I’m all for using systems to save time and money. And it’s hard to ignore the (as yet, unrealised) dream of a paperless clinic. But if you are using or planning to use a practice management system to store progress notes online, it’s best to be aware of some of the legal risks, if only so you can think about how best to manage them.
First, it’s worth recapping some key laws that regulate speech pathologists’ progress notes in Australia.
1. Do we need to keep progress notes?
In most Australian States, there is a legal requirement to take progress notes. For example, under the NSW Code of Conduct for Unregistered Health Practitioners, we “must maintain accurate, legible and contemporaneous clinical records for each client consultation”. For States and Territories who have not yet implemented the National Code, there is still an ethical requirement (see clause 3.3.6 of the Speech Pathology Australia Code of Ethics).
2. Who owns progress notes?
Generally, as a matter of law, principal speech pathologists own their file notes. Sole practitioners have full ownership of their notes. Employers own the progress notes of their employed speech pathologists. In most cases, the hirer/principal owns progress notes relating to clients served by independent contractors (although this is a bit of grey area and should be documented in the contract between the hirer and the independent contractor).
In group practices, and practices with a high turnover off staff, the analysis of who owns a specific progress note (and who owes legal obligations to retain and protect it) can get complicated quickly.
3. Who, apart from the speech pathologist, has access rights to progress notes?
Clients have statutory access rights to progress, including under the Privacy Act 1988 (Cth) (“Privacy Act”).
Progress notes can also be subpoenaed by a party to litigation, e.g. in Family Court custody disputes or where there is an allegation of professional negligence.
4. For how long do speech pathologists need to keep progress notes?
This varies, State by State. But it’s longer than many people think. In NSW, the ACT, and Victoria, for example, you are required to keep progress notes until a child client turns 25, and, for adults, for seven years from the date of the last service.
You may also need to keep progress notes in some States if you anticipate litigation.
5. What are speech pathologists’ key privacy obligations with respect to progress notes?
For the purposes of the Privacy Act:
speech pathologists in private practice – big or small – are “health service providers”; and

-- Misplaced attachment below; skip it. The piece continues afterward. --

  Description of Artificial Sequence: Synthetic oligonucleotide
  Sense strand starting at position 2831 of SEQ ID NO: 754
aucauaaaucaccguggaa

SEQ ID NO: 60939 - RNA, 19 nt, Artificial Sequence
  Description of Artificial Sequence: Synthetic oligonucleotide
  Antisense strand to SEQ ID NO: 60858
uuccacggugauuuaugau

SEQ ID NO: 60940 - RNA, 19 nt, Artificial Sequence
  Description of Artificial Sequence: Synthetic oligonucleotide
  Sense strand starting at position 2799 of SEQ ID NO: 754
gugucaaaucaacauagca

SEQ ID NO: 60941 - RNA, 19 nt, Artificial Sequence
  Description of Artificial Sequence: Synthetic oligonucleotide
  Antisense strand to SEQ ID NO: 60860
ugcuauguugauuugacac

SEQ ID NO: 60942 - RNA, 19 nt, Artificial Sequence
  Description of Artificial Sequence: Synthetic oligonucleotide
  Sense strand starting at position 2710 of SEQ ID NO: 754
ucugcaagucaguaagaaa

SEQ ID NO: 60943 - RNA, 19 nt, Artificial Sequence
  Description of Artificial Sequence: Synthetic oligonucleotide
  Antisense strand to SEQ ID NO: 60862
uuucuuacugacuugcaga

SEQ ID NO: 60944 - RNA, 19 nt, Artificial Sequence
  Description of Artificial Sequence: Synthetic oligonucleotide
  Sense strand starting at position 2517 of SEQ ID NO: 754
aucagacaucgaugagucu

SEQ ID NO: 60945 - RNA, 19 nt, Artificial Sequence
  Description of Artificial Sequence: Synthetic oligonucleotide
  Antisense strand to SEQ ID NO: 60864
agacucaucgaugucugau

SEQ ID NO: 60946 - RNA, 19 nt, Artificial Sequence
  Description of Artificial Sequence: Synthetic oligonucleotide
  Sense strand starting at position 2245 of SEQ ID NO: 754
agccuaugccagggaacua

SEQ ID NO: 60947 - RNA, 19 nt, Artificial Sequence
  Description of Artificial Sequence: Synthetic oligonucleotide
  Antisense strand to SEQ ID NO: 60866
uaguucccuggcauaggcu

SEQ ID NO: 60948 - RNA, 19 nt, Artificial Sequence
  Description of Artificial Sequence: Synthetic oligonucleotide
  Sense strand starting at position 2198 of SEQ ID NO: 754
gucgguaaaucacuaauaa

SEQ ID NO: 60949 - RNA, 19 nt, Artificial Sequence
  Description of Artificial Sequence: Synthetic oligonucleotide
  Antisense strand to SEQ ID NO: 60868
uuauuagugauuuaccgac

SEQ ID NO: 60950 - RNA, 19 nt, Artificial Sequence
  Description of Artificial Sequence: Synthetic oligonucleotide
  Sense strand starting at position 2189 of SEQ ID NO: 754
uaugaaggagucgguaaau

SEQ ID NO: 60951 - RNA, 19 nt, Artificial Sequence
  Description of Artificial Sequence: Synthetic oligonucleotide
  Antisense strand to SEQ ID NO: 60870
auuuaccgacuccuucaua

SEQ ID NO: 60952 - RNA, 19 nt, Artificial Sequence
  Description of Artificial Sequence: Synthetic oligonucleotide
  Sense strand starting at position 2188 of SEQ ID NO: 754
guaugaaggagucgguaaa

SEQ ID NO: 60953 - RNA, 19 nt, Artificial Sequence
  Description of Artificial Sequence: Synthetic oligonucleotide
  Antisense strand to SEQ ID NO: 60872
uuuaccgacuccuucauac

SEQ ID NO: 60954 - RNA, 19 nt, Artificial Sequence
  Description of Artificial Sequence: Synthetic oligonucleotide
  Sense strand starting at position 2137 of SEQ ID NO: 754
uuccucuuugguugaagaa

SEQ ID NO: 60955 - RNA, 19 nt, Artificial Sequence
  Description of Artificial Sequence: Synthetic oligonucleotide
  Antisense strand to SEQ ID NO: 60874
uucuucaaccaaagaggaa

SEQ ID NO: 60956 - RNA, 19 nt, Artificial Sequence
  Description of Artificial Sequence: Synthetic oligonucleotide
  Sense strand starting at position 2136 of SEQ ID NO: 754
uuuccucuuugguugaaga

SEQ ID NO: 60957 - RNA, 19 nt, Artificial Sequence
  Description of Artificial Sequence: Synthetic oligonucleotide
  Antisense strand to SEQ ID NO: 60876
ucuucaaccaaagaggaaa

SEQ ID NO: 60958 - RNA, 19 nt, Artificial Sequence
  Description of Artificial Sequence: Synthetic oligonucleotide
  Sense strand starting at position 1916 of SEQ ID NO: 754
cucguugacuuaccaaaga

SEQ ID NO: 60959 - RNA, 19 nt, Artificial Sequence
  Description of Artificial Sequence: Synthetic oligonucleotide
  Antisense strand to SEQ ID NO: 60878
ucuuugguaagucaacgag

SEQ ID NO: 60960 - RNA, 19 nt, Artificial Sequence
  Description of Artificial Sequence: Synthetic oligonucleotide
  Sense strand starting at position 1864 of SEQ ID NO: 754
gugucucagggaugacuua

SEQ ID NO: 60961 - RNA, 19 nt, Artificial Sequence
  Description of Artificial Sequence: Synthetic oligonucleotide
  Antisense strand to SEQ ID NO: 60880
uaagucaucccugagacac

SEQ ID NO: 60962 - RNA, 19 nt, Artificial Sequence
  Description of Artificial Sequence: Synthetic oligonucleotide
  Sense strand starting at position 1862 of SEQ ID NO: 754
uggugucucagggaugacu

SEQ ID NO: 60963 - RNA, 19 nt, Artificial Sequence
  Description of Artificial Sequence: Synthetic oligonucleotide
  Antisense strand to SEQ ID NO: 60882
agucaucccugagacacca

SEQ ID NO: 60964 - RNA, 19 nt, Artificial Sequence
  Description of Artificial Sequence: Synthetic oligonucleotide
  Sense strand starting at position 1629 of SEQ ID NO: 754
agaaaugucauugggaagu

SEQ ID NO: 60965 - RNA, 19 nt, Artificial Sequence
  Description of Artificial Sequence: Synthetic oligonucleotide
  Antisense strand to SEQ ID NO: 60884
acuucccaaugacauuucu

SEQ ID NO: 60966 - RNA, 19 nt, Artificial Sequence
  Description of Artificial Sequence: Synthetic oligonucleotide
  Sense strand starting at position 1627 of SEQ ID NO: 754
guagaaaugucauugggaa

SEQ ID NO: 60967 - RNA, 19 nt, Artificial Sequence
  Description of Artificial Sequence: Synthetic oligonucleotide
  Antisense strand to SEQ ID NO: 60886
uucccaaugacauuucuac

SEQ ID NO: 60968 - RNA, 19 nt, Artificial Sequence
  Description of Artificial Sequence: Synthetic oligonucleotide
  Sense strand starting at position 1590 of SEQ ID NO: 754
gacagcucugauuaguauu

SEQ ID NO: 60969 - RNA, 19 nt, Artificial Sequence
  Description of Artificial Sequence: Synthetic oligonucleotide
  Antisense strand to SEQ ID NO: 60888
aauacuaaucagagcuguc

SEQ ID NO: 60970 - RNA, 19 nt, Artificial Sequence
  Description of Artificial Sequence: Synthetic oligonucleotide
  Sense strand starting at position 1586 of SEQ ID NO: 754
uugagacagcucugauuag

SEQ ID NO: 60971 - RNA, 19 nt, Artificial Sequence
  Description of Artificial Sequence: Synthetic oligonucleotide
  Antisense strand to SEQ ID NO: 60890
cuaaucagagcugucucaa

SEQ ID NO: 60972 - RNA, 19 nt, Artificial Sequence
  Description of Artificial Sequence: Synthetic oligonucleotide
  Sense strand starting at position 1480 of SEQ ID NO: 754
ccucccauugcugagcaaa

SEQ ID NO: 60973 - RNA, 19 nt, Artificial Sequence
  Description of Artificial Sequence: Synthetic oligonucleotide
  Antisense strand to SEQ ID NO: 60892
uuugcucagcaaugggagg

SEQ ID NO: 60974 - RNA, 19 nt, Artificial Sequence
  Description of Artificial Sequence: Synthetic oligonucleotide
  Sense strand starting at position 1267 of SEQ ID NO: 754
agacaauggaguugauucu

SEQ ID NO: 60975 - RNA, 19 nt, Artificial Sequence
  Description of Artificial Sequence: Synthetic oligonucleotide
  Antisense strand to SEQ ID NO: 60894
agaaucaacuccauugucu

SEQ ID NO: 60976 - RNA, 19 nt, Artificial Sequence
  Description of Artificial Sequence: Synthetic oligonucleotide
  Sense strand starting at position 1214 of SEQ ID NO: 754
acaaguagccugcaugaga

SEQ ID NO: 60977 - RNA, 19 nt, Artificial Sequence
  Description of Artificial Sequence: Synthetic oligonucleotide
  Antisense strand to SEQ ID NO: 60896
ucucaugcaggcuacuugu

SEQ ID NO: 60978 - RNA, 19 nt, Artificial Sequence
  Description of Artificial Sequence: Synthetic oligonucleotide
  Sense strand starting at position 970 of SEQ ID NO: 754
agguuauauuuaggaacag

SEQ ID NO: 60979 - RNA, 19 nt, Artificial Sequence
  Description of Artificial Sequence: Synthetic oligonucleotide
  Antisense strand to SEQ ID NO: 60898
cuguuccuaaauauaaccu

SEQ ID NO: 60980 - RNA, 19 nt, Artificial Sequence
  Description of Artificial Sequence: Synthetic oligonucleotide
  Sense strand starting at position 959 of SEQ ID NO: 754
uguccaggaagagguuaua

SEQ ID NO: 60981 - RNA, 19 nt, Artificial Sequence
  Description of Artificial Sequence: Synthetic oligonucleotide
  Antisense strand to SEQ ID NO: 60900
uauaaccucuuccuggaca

our file notes and reports contain “health information”, which is one of the most sensitive categories of personal information.
This means that, compared to non-health related small businesses, we need to take extra steps to protect our clients’ privacy.
Speech pathologists must take reasonable steps to protect personal information from misuse, interference or loss; and from unauthorised access, modification or disclosure. If we are sending personal information offshore, we must take reasonable steps to ensure no privacy breaches will occur.
Since 22 February 2018, the Privacy Act has imposed a mandatory breach notification requirement on health providers for some data breaches, including breaches that health providers believe are likely to result in serious harm to patients. (You can read more about this here.)
6. Progress notes stored in practice management systems
The laws above apply regardless of how you write progress notes or where you store them. Storing progress notes in a cloud-based practice management system raises a few additional issues speech pathologists need to think about.
(a) Who is responsible for complying with Australian laws that regulate progress notes stored on practice management systems?
The speech pathologist.
Cliniko’s terms state that the speech pathologist using the service “must comply with all applicable rules and regulations, including without limitation privacy laws, and must not infringe or violate third party rights”; and
HealthKit’s terms state that a speech pathologist using the service warrants that they “manage Personal Information in accordance with Australian Privacy Principles….”.
(b) Does the speech pathologist still own their notes?